(Page 268) "we have not yet exhausted the discussion of the moral temper required for the pursuit of truth. There are short cuts leaving nearly to illusory success. It is easy enough to find a theory, logically harmonious and with important applications in the region of fact, provided that you are content to disregard half your evidence. . . Such people are apt resolutely to ignore, or to explain away, all evidence which confuses their scheme with contradictory instances. Sheer determination to take the whole evidence into account is the only method of preservation against the fluctuating extremes of fashionable opinion. This advice seems so easy, and is in fact so difficult to follow."
Evidence to one is nonsense to another.
(Page 273) "Religious appeal is directed partly to excite that instinct the fear of the wrath of a tyrant which was inbred in the unhappy populations of the arbitrary empires of the ancient world. . . This appeal to the ready instinct of brute fear is losing its force. . . Because modern science and modern conditions of life have taught us to meet occasions of apprehension by critical analysis of their causes and conditions.''
"Religion is the reaction of human nature to its search for God. . . The non-religious motives which has entered into modern religious thought is the desire for a comfortable organization of modern society. . . Also the purpose of right conduct quickly degenerates into the formation of pleasing social relations. . . Above and beyond all things the religious life is not a research after comfort."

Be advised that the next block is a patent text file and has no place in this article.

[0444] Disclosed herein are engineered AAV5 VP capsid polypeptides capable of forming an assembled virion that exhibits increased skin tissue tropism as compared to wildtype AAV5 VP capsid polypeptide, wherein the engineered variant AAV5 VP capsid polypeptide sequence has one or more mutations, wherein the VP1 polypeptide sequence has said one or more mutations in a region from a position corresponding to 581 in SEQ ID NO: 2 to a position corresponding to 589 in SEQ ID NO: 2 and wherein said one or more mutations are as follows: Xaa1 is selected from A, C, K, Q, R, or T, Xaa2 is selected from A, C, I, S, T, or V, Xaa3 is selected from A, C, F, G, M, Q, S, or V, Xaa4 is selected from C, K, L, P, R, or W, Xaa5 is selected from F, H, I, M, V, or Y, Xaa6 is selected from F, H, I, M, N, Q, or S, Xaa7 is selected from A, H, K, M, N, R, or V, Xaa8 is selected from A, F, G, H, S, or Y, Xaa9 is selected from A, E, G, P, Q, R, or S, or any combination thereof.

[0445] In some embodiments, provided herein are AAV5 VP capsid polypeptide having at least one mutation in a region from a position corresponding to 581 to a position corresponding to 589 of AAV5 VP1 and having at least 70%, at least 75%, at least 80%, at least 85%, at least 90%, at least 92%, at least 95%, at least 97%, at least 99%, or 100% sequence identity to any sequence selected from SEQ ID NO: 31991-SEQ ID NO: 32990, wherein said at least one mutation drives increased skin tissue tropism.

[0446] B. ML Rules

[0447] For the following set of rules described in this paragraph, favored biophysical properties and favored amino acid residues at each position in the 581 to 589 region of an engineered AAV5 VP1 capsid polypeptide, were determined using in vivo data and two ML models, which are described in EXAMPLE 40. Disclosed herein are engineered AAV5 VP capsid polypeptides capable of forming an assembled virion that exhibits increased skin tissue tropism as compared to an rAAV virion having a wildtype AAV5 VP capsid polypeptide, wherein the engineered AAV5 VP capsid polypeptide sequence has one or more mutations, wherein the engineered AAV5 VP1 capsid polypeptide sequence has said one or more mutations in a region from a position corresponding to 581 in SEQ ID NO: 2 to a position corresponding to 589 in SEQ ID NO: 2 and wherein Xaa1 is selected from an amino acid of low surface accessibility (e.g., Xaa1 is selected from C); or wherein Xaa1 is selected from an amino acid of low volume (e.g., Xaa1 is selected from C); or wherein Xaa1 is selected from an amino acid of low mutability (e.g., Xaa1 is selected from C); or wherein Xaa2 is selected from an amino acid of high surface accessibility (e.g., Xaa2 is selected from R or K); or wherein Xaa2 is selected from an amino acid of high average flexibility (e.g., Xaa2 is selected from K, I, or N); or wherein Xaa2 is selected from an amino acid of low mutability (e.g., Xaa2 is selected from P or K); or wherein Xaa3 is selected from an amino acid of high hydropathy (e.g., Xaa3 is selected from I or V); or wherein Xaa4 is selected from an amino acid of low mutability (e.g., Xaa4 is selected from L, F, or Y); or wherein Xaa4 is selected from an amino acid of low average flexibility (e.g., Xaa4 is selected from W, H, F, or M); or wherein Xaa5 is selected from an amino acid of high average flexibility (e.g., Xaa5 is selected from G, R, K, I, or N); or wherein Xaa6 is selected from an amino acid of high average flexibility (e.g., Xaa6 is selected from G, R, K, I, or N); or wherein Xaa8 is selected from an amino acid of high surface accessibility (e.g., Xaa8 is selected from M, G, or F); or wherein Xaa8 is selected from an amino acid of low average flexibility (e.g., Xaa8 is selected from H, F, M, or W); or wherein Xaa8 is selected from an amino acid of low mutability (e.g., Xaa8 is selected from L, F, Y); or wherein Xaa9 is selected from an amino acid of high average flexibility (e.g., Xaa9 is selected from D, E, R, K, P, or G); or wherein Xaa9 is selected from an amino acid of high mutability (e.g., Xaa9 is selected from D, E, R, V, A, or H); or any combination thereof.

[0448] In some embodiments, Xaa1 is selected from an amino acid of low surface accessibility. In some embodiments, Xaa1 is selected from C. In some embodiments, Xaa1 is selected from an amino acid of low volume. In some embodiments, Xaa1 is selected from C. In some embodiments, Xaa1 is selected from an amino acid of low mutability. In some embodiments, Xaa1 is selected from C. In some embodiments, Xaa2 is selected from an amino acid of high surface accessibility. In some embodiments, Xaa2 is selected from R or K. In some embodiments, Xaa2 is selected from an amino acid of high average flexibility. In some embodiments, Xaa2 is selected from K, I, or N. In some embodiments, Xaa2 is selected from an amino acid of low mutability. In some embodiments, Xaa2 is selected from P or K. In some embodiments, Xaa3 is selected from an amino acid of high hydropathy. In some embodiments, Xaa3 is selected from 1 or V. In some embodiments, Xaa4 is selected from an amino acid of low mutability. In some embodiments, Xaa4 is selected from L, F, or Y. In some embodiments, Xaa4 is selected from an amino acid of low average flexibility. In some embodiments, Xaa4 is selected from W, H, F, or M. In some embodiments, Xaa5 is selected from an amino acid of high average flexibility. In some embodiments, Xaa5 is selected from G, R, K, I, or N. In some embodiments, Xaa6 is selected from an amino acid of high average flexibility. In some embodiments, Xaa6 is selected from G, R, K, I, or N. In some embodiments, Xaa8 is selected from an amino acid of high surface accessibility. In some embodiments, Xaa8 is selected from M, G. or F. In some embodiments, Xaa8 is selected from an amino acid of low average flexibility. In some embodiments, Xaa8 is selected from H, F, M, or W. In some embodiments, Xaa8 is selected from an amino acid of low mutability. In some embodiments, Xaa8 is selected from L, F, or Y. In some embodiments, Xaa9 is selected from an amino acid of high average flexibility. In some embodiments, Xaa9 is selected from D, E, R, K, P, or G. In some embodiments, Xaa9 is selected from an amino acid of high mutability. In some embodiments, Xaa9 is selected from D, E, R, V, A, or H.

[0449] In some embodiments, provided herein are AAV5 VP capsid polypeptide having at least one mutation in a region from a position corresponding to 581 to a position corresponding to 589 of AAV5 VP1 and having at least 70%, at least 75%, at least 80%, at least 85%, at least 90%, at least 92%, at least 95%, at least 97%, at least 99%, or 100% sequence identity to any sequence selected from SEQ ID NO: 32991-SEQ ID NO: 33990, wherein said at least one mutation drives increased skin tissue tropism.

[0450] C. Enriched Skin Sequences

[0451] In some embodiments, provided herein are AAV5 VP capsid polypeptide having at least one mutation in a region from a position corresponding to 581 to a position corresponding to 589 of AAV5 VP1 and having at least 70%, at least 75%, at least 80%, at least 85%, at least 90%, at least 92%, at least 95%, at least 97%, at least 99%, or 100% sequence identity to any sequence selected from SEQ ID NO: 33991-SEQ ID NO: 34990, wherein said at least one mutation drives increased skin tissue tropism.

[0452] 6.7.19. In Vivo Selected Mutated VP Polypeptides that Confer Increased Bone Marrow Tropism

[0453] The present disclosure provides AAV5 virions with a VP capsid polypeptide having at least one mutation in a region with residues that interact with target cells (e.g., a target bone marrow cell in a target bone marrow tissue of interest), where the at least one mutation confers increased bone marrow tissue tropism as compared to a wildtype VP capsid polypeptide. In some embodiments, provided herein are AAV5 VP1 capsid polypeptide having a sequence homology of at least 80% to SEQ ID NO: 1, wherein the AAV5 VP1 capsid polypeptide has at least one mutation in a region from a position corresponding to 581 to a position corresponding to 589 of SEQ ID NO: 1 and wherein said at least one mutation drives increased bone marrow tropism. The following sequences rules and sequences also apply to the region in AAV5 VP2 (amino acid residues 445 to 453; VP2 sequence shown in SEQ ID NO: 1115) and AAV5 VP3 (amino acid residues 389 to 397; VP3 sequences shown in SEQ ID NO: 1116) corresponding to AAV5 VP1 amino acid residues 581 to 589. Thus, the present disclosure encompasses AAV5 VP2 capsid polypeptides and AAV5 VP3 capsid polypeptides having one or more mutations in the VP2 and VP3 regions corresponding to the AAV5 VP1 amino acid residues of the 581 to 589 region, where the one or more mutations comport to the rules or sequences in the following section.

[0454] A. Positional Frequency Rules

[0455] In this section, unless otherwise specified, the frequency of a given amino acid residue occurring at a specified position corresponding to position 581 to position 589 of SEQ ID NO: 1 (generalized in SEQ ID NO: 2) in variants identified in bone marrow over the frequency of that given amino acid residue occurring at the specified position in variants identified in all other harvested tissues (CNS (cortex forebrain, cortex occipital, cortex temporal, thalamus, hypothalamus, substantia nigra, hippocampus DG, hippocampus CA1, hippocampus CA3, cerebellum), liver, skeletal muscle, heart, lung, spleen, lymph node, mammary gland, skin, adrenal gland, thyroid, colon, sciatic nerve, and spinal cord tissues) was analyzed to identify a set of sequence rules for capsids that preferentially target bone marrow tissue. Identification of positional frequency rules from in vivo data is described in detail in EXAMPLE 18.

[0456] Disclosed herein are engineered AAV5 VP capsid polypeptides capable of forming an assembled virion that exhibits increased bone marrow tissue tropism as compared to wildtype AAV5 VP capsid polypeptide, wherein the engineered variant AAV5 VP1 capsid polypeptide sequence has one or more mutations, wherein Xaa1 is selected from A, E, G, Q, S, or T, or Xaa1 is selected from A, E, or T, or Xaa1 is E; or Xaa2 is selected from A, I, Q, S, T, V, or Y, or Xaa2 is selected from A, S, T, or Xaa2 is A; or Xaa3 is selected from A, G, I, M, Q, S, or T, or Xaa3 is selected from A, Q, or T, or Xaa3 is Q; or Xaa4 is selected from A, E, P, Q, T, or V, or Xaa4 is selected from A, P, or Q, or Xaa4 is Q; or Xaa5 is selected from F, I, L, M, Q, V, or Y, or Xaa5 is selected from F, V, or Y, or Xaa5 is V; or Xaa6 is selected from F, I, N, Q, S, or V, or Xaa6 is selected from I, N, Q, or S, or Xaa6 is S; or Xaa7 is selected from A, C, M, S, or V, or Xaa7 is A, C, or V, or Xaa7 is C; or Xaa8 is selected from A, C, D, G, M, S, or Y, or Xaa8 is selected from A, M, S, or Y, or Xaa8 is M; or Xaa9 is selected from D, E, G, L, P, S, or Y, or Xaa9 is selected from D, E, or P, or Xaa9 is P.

(Page 275) "Religion is the vision of something which stands beyond, behind, and within, the passing flux of immediate things; something which is real, and yet waiting to be realized; something which is a remote possibility, and yet the greatest present facts; something that gives meaning to all the passes, and get the moods apprehension; something who's position is the final good, and yet is to be owned all reach; something which is the ultimate ideal, and a hopeless quest."
(Page 276) "The power of God is the worship he inspires. That religion is strong which in its ritual and then it's molds of thought evokes apprehension of the commanding vision. The worship of God is not a rule of safety-it is an adventure of the spirit, flight after the unattainable."
(Page 275) "The fact of that religious vision, and it's history of persistent expansion, he is our one ground for optimism. Apart from it, human life is a flash of occasional enjoyments lighting up the mass of pain and misery, a bagatelle of transient experience."
Fascinating comments from a world famous mathematician/philosopher.
One of the most erudite scholars of the twentieth century.
Believes religious experience is the vital part of human existence.
Not the consensus of the academic world.
In SCIENCE AND THE MODERN WORLD, he concerns himself with the interplay betwixt the promise of science in the modern era (say, from the time of Descartes) and the well-known poetic writings of those who were, themselves, transfixed by it. Whitehead certainly gives one the "flavor" of what the new worldview of the emerging scientists involved, especially from a belles-lettres perspective.
This offering is very readable and enormously entertaining and enlightening. I'm now looking for that sixth star to award in my evaluation. And I would give it as seventh as well, but I'm a "tough grader"!